Highlights from the 2022 Built With Biology conference

The moment we’ve all been waiting for – after two-and-a-half years, the synthetic biology industry gathered again in person at the Global Synthetic Biology Conference organized by Built with Biology. This year’s event, held on April 12-14, was packed with big-picture ideas, inspiring talks, and networking opportunities.

To say there was pent-up excitement is an understatement – the Oakland Marriott was buzzing with chatter and people exchanging ideas and contacts for three full days. The halls were lit up by colorful, futuristic displays featuring the latest synthetic biology tools and end-products: from cutting-edge instrumentation and automation to bioluminescent plants and skis made from algae.

The diversity of applications showcased at the conference is a testament to the endless ways biology promises to revolutionize the way materials are made, food is cultivated, and products are built. The question on everyone’s mind – can we do this faster, cheaper, and more efficiently, so that these solutions become part of our lives sooner?

During the three days of the conference, we were treated to engaging discussions from some of the most recognized names in synthetic biology. Companies like Ginkgo, Amyris, Twist Bioscience, and Codex DNA all shared their views on what we can do to bring that vision to reality. New synbio entrepreneurs and startups also delivered exciting new perspectives and pushed the boundaries of what is possible with biology.

Perhaps not surprisingly, longtime Google CEO Eric Schmidt delivered a compelling talk on some of the key challenges facing synthetic biology and the need for partnering with leaders in the public and private sectors to bring new ideas to life. One challenge in particular stood out: the need for effective platforms to help the best ideas and research efforts scale. Building on this theme, Inscripta hosted a plenary session with VP Nandini Krishnamurthy and CEO of Infinome Biosciences, Richard Fox, who discussed improving the efficiency and scaling of engineering biology workflows using a “lean bioengineering” model.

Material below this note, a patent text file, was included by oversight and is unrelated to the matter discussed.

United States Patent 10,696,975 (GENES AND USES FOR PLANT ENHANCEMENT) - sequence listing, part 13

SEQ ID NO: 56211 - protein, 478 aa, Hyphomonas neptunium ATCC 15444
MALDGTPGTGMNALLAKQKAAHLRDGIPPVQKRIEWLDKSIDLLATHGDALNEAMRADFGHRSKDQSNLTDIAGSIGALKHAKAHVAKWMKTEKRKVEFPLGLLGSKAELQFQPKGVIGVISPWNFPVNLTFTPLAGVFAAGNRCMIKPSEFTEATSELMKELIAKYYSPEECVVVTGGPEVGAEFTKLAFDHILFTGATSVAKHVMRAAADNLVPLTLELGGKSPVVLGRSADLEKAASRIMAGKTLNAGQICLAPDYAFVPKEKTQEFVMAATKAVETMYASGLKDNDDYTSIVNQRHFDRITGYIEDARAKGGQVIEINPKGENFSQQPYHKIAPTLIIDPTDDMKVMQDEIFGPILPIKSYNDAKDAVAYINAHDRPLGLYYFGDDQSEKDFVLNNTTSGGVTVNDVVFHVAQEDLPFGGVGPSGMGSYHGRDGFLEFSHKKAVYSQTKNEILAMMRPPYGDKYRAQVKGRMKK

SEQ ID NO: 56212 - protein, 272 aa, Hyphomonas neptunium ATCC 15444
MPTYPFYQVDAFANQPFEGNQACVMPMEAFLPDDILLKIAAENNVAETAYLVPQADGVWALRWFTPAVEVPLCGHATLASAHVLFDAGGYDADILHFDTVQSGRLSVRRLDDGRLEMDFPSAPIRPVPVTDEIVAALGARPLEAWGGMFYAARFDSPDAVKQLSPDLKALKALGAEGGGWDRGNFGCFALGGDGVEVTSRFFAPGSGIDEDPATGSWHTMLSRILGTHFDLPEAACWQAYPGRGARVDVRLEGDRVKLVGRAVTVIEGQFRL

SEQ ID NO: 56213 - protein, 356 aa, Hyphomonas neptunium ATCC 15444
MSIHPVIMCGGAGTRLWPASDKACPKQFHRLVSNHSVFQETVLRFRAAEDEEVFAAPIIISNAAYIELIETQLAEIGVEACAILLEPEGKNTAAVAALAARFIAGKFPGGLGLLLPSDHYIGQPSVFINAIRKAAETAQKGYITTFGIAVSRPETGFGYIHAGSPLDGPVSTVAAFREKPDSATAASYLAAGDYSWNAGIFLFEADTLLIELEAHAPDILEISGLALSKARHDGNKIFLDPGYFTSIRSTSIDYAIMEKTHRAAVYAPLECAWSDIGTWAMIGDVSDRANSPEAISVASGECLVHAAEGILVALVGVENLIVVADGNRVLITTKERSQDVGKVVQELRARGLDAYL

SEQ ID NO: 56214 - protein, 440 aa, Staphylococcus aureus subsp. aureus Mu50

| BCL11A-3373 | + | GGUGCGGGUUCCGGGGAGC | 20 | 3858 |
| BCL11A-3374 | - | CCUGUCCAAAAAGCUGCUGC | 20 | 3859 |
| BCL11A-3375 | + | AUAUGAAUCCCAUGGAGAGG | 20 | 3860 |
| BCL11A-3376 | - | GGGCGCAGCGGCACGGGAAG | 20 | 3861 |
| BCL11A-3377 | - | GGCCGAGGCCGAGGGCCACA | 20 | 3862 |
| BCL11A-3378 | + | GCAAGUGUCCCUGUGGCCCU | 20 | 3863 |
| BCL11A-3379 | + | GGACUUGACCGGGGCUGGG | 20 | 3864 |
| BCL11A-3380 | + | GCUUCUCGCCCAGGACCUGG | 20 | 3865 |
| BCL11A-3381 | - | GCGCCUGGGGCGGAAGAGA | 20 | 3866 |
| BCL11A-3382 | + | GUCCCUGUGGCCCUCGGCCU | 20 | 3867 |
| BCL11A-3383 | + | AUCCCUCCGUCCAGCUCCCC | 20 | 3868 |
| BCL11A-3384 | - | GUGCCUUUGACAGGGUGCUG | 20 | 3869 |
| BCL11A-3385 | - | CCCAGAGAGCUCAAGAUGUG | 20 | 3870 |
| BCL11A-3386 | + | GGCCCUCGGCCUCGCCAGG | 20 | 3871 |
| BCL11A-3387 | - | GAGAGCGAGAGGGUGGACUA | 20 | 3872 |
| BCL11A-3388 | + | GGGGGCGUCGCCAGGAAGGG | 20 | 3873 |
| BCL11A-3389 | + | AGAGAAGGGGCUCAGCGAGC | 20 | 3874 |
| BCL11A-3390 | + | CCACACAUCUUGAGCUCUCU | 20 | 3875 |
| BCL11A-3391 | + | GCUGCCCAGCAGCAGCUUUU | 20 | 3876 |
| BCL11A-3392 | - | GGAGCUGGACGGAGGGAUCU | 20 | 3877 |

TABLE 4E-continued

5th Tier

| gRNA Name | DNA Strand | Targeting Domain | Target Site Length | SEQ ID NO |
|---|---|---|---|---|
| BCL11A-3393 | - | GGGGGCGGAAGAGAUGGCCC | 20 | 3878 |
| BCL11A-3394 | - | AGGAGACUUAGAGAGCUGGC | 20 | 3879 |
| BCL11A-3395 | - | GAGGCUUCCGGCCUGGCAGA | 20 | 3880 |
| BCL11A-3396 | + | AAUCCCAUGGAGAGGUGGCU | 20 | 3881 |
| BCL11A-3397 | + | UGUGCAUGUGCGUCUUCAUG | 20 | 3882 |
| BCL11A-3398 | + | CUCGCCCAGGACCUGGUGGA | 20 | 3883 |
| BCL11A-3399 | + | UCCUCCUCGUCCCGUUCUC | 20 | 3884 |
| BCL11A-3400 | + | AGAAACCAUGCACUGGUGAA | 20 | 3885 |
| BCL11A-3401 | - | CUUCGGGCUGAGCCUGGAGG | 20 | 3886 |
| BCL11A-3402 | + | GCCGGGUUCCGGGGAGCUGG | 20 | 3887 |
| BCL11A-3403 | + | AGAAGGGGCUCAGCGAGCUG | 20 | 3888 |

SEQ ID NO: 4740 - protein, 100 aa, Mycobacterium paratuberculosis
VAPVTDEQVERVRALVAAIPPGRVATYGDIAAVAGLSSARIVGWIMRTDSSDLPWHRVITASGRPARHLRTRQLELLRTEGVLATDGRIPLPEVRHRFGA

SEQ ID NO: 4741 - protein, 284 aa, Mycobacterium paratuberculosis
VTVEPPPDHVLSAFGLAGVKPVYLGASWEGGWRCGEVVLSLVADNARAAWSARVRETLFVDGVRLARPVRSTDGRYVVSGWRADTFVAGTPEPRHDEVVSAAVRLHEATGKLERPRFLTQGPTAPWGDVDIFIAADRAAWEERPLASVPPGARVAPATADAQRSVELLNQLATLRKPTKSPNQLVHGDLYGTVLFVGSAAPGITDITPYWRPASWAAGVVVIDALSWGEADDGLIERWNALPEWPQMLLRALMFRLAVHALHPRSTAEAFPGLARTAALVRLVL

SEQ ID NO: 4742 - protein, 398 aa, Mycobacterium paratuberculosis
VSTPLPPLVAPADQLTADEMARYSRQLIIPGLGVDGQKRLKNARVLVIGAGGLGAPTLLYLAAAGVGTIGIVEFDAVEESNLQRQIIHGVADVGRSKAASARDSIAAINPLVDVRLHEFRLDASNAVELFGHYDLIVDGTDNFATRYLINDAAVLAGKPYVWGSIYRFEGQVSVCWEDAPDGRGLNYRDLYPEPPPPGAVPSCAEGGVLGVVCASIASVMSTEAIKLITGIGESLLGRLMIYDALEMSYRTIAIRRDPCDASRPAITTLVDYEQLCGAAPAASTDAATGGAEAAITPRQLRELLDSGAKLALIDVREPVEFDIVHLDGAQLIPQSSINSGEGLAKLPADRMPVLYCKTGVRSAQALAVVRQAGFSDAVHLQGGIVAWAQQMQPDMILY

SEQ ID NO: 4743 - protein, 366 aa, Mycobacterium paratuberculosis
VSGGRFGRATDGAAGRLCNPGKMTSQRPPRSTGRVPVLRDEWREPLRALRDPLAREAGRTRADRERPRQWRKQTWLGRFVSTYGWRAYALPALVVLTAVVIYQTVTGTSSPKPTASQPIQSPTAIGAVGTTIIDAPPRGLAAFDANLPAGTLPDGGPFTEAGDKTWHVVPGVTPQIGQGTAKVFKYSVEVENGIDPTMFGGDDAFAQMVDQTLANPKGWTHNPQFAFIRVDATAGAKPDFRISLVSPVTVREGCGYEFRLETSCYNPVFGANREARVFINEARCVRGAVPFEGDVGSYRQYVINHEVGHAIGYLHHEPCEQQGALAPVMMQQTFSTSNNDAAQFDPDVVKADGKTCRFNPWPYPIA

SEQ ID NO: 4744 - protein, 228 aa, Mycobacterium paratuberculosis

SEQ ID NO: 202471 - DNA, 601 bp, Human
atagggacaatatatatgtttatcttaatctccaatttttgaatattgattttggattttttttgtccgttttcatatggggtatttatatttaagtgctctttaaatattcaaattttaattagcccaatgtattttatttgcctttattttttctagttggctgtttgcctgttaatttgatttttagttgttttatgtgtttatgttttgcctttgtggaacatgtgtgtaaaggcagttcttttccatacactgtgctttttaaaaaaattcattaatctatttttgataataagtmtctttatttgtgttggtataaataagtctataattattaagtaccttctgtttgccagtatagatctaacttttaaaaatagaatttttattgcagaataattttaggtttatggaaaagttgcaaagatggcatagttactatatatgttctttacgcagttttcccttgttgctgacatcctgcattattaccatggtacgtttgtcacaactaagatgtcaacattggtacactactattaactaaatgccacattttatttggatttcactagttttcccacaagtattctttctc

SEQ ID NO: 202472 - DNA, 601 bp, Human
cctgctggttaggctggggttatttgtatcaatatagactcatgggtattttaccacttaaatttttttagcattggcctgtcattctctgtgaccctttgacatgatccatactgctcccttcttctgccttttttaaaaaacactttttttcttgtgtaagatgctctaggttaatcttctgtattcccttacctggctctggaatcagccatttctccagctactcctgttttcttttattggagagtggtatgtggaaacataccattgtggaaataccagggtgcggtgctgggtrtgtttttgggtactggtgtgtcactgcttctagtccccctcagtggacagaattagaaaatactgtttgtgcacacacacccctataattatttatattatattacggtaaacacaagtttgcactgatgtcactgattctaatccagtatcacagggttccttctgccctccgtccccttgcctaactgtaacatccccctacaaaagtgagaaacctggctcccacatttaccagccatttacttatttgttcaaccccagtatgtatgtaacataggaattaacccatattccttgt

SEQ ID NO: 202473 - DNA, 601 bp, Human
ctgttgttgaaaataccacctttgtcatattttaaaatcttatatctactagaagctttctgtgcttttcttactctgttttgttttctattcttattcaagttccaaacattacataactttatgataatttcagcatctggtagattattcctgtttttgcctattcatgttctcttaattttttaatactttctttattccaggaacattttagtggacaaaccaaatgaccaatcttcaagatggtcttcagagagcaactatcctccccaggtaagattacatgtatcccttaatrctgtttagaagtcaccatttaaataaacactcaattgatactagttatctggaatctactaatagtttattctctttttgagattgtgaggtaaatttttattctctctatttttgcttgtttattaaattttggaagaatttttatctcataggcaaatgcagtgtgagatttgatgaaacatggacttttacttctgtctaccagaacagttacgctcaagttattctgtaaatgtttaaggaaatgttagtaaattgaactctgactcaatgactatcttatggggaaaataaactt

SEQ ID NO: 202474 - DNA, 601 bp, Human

There are inherent inefficiencies in the current workflows for engineering microbes that are built on low-throughput, labor-intensive methods that have a relatively low success rate. Methods like adaptive laboratory evolution (ALE) and random mutagenesis are used to create genetic diversity in a completely random way. Contrary to that, the Onyx® platform delivers what one of our customers, Ginkgo Bioworks, has called “smart diversity” – where the edits are precisely designed and provide a higher probability of success. This is why Infinome has adopted the Onyx platform into their workflows – it allows them to go after many different targets in parallel and achieve significant progress in a short amount of time.

In addition to celebrating the progress the synbio industry has made over the last decade, there was a palpable sense of urgency to address the global challenges we face. On the last day of the conference, five hundred students and aspiring synthetic biologists joined the “Race Against the Clock” to learn about what is happening in the field and bring a fresh perspective and excitement about tackling current problems using biology.

The next generation of scientists and budding entrepreneurs are asking the critical questions, like: “Can we meet our emissions goals faster?” or “What are the most impactful technologies that we need to invest in?” or “How can we democratize genome engineering and broaden representation in this field?” It’s encouraging to see their enthusiasm and desire to learn about the latest technologies: CRISPR is no longer a tool used exclusively by universities and research labs that have access to expensive licenses. High schoolers, for example, are now able to perform CRISPR experiments in AP Biology classes. It’s this need for making advanced genome engineering more accessible that drove the development of tools like the Onyx software.

If this year’s Built With Biology conference is any indication, the future of synthetic biology is looking as bright as ever. The synbio community – from investors and policy-makers to experienced researchers and students – continues to inspire and push the envelope. Inscripta is doing its part by staying committed to our mission of making genome engineering more accessible. To learn more about how Inscripta is doing that, visit our website at